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Precision of scoops

Discussion in 'Handloading and Reloading' started by GLOOB, Jul 9, 2011.

  1. GLOOB

    GLOOB Well-Known Member

    Recently I started reloading 223, and I used scoops.

    I only shot one group, because I didn't have a spotting scope and it was too hot to check the paper. But the rocks were having a bad day! When I finally checked my 5 shot group, I was pleasantly surprised. The distance was 60 yards. The target was a plain pistol IDPA/silhouette target, and I was using a 1.5x optic. I just aimed for the center of the head. 4 shots could be covered by a quarter. The one high shot brought the group to about 1 1/4".

    I fired over 200 rounds of reloaded ammo and I had no problems.

    Anyone else using scoops for rifle? I've heard some bench rest shooters measure by volume. I assume that means a powder dispenser. But compared to a scoop, what's the difference?
  2. jfdavis58

    jfdavis58 Well-Known Member

    I've got a set. Loaded rifle for years with it. Then loaded pistol for a while too.

    Given a good smooth consistent 'dipping' there is no difference from scoops to the typical volumetric powder measure.

    It does pay to 'calibrate' your scoops against a good scale!
  3. Walkalong

    Walkalong Moderator

    Nothing wrong with scoops. A measure is nothing but a scoop. If you are consistent with the way you fill your scoop, it will work very well.
  4. bds

    bds Well-Known Member

    You can always weigh some of your "scoops" to see how consistent scooped powder weights are.

    BTW, what powder are you using?
  5. ridgerunner1965

    ridgerunner1965 Well-Known Member

    if yu are worried about variation in charges then weigh three lots of 10 charges each and average them.when done correctly dippers work well and are uniform.i used them for years but have got in the habit of dipping and weighing each charge.
  6. Galil5.56

    Galil5.56 Well-Known Member

    I used scoops I made from old cartridge cases with very, very good results for cast bullet rifle shooting. Good, consistent technique is the key, and accuracy is as good as any other type of volumetric measuring. I liked to plunge the scope into the propellant, letting it fill w/o packing, then strike the edge level.

    I like scoops, and after some practice they are very fast to use.
  7. gamestalker

    gamestalker member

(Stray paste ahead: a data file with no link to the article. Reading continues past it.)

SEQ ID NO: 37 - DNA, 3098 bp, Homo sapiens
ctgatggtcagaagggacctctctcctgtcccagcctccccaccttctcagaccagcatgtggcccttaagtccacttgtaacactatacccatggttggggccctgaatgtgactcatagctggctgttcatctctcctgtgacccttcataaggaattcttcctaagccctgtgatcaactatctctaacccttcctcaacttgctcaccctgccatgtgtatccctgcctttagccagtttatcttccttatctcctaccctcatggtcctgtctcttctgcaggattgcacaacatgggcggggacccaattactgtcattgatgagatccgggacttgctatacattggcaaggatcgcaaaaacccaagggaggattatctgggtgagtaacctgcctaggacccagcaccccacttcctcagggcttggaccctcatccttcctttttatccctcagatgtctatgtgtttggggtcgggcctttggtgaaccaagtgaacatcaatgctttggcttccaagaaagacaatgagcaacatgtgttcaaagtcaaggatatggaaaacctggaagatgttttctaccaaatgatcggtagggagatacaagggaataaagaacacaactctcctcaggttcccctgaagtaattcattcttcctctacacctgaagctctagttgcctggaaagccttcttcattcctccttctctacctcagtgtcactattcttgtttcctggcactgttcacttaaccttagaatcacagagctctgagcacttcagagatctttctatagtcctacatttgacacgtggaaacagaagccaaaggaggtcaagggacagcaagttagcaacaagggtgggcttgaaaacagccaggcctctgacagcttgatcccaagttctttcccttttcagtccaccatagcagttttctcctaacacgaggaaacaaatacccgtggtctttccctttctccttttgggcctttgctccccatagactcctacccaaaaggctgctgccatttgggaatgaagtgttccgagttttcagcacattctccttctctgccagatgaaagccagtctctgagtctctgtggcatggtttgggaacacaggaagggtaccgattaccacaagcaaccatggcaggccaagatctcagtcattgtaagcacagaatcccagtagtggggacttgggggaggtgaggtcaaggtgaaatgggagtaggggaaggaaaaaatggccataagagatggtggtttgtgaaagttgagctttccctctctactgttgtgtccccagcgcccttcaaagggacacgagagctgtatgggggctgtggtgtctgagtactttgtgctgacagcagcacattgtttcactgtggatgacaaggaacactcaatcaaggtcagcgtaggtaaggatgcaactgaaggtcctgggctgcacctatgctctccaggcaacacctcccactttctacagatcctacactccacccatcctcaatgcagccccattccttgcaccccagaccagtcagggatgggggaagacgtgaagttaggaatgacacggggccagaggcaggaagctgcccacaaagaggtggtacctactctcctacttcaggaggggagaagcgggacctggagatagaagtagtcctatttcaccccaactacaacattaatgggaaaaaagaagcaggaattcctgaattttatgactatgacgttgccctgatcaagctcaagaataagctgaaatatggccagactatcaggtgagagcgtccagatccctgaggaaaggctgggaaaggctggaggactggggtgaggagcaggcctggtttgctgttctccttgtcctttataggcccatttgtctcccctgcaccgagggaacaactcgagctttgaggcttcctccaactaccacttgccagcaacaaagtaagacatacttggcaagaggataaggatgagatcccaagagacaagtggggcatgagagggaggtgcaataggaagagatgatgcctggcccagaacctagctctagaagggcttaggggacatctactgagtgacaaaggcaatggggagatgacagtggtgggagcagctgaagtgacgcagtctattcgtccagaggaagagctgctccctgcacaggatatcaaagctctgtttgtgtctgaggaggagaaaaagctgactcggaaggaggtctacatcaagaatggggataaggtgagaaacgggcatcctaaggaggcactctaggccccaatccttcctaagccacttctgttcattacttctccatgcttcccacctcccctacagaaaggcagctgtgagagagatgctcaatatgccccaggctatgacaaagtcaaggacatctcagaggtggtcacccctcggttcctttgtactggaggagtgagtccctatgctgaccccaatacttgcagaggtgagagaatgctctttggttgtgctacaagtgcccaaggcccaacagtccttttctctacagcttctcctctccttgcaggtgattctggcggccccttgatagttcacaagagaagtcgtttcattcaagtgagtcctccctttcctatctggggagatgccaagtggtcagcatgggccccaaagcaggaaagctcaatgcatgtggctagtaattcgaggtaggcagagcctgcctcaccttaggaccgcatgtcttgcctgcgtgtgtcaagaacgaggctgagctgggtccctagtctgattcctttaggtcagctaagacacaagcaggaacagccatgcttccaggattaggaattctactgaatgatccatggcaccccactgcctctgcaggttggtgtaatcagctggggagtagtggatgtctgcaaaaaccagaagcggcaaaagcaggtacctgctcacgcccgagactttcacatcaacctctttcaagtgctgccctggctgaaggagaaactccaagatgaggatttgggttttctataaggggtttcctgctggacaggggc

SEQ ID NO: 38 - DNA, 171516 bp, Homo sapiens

I've had few powders ever scoop within an acceptable range of what they are supposed to weight. Won't use them or any other volmetric measuring device without having first checked them against a scale, and then only with slow burning powders.
  8. GLOOB

    GLOOB Well-Known Member

    I shot two different loads using H335 and Varget. I got the Varget because it's popular. I got the H335, because I heard it meters well.

    I think I'm going to stock up on the Varget. It doesn't leave any crumbs on the bench. :) I'm using a .357 case for a scoop, calibrated with a trimmer and a scale.

    I do the same, but I leave it heaping. I figure I can't accidentally pour too much if I calibrate for a heaping scoop to begin with. If it doesn't mound up just right, I dump it and try again.
    Last edited: Jul 9, 2011
  9. Doug b

    Doug b Well-Known Member

    I loaded some very accurate ammo at the kitchen table using Lee's nut cracker press and dippers when i was between bench set-ups.A scale is a must to establish consistancy as others have said.
    If your looking for ubber, ultra, max balls to the wall velocity, every ounce of energy you can get out of your firearm this is not the way to go.
  10. FROGO207

    FROGO207 Well-Known Member

    I use the scoops for both rifle and pistol. I will also make mine out of old shell casings. I make mine on the larger size and calibrate by putting some 5 min epoxy in the bottom. After it cures I use a drill bit of the closest size to casing to gently remove the epoxy till the scoop volume is correct as checked to weight. I label the charge weight/bullet/cal and use it. :D Yes consistency in your methods is the key to repeatability when using a scoop. I load for my 270 and at 200 YD I can put a dime over 5 rounds shot into the target regularly. This is plenty good enough for me.:D